Thankful: A Fosterpants Update

Has anyone been wondering what their favorite spotted pony has been up to recently?


If you were curious, mostly he’s been getting fat and fluffy. Both good things going into winter, but a little bizarre to see through my theres-always-a-show-around-the-corner eyes. He’s been enjoying the life of a trail horse, exploring the woods and paths of the Civil War era plantation on which he lives.

Or, lived.

Unfortunately last week, Foster’s mom contacted me to let me know that her work schedule had gone in an unpredicted way, and she was no longer able to give him the attention he deserves. Life and horses don’t always mix, and sometimes you have to give up something very special to you in order to take care of higher priorities. I was gutted to hear this news, and knew it wasn’t an easy decision for her to come to.


Fortunately I have a friend who knew someone looking for a horse, with the hopes of trail riding, some natural horsemanship, and maybe walk-trot dressage tests or the occasional western show. So I got her information, and passed it along to Foster’s mom.


What she later told me is that when the woman hopped aboard Foster, her heart both broke and soared. I knew exactly what she meant, because that’s just how I felt when I saw her ride Foster the first time. It seems yet another match made in heaven, and on Sunday I loaded Foster up a second time to take him to his new home. He walked straight on like it was the most normal thing in the world, walked off the trailer an hour later and casually looked around his new home.

I made sure all seemed settled and then drove off once again with an empty trailer. Foster’s new mom sent me the cutest text saying how she rode him later that afternoon and just how much she loves him.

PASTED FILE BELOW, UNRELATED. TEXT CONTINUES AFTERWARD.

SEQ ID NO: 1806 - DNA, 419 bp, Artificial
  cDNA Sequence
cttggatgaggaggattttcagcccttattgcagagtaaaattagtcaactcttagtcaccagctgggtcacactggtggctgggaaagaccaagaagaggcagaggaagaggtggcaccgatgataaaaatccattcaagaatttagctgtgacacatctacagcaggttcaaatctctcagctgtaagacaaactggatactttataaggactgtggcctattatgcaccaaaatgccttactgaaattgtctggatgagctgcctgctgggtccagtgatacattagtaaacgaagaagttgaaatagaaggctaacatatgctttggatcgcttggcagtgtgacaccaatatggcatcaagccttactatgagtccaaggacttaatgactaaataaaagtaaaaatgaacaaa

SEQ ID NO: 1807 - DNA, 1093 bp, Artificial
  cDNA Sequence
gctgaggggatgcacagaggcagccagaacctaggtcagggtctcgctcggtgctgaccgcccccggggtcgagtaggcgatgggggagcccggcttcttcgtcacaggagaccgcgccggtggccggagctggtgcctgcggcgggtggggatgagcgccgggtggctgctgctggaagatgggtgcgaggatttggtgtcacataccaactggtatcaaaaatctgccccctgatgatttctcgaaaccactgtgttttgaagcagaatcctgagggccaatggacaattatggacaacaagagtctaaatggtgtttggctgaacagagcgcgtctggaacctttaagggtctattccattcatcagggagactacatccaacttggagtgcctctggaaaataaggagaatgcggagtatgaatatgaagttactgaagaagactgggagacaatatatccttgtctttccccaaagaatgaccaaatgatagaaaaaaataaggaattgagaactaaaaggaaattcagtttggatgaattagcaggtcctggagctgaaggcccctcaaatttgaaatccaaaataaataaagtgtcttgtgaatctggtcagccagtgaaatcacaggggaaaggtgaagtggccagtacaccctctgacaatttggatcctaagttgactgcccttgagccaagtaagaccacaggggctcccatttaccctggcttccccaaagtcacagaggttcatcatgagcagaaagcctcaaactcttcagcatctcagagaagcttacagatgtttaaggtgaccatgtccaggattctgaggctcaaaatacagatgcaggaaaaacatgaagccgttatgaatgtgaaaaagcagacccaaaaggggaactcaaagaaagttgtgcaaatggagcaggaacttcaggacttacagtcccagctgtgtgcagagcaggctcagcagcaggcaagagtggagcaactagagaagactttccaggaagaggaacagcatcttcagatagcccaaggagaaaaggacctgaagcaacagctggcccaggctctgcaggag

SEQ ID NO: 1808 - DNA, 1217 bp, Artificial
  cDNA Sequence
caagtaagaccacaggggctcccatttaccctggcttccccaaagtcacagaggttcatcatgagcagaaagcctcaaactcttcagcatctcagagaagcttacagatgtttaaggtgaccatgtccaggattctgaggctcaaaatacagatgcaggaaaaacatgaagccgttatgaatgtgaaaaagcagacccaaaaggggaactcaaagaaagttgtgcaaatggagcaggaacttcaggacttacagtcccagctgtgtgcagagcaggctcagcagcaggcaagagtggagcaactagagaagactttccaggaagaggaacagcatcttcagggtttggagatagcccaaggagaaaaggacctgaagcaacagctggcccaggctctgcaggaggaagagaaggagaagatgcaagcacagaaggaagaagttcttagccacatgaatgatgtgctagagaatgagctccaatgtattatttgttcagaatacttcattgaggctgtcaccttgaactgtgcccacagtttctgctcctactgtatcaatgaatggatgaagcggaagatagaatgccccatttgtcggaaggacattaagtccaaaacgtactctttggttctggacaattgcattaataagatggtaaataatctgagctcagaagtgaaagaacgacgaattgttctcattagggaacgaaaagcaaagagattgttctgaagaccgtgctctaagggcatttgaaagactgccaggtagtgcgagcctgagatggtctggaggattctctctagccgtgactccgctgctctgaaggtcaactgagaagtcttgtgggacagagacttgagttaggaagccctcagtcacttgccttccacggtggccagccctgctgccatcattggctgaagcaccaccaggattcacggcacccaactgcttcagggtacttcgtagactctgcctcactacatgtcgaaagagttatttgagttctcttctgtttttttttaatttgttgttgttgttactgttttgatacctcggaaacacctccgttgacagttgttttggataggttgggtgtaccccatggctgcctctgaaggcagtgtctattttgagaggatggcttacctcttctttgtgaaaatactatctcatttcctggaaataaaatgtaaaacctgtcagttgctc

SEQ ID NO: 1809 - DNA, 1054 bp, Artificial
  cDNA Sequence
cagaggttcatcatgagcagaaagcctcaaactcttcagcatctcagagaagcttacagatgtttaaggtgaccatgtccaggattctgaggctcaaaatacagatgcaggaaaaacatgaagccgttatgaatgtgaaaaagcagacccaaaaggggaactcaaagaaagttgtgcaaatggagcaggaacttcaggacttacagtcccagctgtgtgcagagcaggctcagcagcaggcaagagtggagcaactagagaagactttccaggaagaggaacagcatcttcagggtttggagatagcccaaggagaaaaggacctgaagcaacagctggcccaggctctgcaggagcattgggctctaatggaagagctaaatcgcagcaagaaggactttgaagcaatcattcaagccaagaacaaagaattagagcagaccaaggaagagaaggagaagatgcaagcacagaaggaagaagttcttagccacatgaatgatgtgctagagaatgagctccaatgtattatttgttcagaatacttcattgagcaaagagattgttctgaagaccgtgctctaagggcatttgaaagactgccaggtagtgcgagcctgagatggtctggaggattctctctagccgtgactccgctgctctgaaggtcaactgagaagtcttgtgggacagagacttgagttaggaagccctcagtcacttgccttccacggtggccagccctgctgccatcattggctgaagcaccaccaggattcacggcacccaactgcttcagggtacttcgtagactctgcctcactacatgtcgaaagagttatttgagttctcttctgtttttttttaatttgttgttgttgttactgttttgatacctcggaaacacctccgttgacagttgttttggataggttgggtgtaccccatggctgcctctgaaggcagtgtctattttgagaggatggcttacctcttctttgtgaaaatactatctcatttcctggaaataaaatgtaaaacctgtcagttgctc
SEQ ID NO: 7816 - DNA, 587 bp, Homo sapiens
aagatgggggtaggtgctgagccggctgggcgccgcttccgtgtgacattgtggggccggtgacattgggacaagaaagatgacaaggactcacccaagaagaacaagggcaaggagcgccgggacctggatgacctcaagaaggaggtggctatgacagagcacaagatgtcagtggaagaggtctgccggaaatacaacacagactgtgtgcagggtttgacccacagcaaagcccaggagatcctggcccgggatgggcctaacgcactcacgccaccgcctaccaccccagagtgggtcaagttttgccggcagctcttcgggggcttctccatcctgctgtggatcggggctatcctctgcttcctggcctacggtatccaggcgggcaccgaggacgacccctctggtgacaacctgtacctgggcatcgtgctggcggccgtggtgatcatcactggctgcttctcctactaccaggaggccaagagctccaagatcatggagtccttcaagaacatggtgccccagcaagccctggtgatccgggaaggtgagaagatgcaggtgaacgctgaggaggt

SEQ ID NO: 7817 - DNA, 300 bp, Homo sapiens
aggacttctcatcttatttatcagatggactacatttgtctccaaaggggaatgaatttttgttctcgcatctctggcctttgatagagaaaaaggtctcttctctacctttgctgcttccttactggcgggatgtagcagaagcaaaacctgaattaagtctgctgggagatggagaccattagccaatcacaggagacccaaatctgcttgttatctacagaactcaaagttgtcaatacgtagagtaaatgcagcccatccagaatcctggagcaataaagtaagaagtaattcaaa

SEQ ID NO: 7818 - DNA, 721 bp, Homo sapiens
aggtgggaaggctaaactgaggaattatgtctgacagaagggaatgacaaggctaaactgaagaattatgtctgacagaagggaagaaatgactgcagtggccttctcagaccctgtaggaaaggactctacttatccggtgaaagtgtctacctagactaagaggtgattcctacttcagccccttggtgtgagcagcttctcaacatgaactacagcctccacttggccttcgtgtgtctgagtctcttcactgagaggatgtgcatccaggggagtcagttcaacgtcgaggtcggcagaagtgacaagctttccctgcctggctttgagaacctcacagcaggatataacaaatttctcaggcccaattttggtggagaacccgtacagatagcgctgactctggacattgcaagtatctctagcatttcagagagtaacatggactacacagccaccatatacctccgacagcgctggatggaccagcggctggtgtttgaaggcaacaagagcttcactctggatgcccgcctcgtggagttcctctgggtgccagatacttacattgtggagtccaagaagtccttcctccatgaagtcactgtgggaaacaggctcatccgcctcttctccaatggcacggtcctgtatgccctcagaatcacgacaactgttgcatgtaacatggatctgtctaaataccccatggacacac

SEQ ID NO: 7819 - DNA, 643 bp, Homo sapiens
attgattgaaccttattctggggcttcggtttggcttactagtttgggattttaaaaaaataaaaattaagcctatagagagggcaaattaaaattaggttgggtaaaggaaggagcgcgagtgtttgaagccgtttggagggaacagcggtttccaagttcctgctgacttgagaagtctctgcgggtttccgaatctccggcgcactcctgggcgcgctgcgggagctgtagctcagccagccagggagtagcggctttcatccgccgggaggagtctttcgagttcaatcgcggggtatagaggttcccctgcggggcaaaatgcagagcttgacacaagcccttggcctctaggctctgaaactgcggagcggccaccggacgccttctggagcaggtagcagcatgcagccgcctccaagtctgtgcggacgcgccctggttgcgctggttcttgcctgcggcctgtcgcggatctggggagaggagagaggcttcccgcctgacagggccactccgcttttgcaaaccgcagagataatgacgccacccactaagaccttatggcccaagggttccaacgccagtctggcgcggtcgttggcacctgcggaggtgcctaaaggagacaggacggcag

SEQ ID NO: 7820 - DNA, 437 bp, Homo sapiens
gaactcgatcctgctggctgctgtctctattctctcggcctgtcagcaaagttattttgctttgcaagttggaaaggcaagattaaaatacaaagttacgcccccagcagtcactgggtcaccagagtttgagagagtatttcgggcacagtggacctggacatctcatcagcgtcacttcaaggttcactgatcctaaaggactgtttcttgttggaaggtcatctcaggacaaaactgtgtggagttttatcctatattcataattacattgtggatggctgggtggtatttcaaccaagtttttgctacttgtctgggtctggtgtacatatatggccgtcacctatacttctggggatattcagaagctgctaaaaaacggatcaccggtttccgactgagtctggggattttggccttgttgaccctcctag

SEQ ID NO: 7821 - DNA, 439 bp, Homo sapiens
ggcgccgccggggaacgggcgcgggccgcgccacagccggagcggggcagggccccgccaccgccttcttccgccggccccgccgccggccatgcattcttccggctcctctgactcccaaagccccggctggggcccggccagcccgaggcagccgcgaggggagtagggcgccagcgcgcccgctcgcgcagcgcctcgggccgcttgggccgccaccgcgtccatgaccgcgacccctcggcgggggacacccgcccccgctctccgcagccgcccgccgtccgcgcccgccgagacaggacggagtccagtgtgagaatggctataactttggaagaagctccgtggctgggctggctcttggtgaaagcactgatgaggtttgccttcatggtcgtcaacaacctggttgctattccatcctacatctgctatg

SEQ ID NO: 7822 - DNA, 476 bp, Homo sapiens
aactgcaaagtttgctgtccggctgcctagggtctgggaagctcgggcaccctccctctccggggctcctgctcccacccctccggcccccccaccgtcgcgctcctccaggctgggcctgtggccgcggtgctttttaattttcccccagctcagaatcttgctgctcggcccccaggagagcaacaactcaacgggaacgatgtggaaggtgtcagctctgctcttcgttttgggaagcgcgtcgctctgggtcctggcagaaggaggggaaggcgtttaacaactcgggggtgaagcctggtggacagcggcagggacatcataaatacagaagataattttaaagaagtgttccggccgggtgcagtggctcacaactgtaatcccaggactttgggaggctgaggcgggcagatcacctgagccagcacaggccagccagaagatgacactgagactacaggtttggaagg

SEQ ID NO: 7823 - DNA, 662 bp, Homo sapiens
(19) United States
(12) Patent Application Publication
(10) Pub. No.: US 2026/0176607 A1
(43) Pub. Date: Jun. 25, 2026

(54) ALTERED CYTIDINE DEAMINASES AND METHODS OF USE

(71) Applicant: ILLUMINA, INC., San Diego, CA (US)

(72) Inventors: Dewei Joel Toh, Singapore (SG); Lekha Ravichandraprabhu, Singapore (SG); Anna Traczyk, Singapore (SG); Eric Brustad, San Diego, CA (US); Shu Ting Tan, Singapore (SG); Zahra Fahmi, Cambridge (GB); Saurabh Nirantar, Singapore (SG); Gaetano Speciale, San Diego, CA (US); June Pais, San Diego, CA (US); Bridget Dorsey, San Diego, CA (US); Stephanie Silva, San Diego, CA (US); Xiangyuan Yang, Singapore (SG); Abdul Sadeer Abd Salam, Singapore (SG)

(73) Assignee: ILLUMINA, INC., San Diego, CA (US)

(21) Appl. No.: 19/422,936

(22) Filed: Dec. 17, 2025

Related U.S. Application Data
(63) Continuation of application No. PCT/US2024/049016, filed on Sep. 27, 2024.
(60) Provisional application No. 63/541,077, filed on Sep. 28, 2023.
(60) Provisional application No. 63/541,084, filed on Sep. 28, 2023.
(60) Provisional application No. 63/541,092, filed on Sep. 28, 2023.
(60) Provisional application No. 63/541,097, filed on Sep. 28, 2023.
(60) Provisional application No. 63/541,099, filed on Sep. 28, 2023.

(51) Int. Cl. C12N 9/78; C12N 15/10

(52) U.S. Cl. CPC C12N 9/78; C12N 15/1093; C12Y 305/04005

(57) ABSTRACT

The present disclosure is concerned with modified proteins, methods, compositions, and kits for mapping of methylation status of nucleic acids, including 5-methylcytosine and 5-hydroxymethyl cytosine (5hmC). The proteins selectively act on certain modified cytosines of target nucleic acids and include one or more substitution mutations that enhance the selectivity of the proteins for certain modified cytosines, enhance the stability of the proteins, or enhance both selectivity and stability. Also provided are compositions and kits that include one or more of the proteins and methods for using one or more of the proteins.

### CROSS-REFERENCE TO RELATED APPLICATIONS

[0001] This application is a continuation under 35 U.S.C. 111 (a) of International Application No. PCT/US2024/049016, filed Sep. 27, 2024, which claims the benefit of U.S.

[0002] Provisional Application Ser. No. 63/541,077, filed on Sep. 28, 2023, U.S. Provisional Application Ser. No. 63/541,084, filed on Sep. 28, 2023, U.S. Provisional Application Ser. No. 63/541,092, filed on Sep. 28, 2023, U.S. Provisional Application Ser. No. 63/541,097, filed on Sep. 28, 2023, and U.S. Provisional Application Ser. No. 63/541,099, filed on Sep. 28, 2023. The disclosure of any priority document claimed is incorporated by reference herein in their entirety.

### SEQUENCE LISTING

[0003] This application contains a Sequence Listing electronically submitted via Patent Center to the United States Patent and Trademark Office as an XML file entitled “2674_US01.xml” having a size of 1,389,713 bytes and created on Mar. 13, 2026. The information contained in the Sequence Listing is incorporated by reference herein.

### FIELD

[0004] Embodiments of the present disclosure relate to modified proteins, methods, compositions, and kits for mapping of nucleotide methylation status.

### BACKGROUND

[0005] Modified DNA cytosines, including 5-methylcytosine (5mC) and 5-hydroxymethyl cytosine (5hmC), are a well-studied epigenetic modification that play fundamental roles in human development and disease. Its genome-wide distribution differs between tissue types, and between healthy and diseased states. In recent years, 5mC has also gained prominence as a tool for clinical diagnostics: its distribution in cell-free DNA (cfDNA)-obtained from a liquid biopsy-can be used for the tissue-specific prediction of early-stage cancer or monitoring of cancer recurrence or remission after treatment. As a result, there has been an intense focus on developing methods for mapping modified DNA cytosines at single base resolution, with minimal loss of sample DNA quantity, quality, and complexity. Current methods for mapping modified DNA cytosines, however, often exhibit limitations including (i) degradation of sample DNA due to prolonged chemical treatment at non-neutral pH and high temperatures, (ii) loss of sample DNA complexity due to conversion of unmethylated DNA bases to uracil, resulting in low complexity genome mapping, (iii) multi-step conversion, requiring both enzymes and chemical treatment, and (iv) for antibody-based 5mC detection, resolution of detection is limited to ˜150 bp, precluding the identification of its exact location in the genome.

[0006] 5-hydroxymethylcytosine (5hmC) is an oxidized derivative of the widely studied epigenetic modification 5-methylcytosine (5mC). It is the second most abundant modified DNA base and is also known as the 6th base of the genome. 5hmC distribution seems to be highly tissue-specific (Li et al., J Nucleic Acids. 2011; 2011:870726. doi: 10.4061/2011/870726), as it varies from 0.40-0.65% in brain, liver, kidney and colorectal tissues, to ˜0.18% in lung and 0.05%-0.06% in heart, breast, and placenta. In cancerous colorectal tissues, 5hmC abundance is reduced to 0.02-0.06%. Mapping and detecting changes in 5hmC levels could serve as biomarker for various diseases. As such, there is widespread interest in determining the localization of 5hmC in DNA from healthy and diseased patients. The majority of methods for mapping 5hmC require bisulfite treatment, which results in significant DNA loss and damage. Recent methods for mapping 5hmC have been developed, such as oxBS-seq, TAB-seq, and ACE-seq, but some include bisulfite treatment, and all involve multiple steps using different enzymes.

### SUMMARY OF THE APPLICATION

There’s so much to be thankful for, even when life doesn’t go the way we thought it would. I’m thankful to Foster’s previous mom for loving him as she did. I’m thankful to his new mom for falling in love with him. I’m thankful to Foster for being so special, and so easily loved. His family seems to have grown by another person, and I’m grateful for all of them.

In search of…

Thank you for all of your comments and well wishes yesterday, they were very appreciated. The paperwork went through, and just like that, I am no longer Fosterpants’ primary caregiver. Luckily his new mom is absolutely wonderful and wants me to have as much access to him as I want, and I’ll probably be hopping on him once a week or so for the next little while. More details and an attempt to sum up the journey coming.

In the meantime, let me regale you with my horsey ISO ad, since I’m officially in horse hunting territory.

“Adult amateur seeks fancypants unicorn in ultimate champagne on a beer budget scenario. Prefer gelding, at least 15.3 hands tall and between the ages of 3 and 9. Must have great brain, preferably canine-like personality and cuddly tendencies. A forgiving nature, for those amateur moments, is an absolute requirement. Need not be able to memorize showjumping tracks, but being able to count jumps would be helpful to this occasionally ditzy eventing DQ.

Fine, fine, I'll share it again.

Never gets old.

Suspension and athleticism important. And by suspension, I mean that of a Porsche or Audi, not a Model T. Prospective owner seeks to be competitive in the dressage court and in the eventing irons, that is, if she can remember her courses. Proven jumping ability preferred, but willing to survive train a green but willing jumper as well.


Horse will receive almost daily attention from prospective owner, be taught ridiculous tricks like smiling and bowing, and in general be spoiled rotten. As such, the horse must in turn tolerate copious amounts of picture taking, both as the subject of his new owner’s photography experiments, but also on a routine basis for the purpose of bombarding the blogosphere and social media channels with their presence.


Besides being sound of mind, horse must be sound of body. While this amateur owner has become efficient at wrapping, icing, hand walking, and bonding with vets, she would like to turn her attention to other hobbies. Like riding. Lemons need not apply, and you better believe there will be a pre-purchase exam.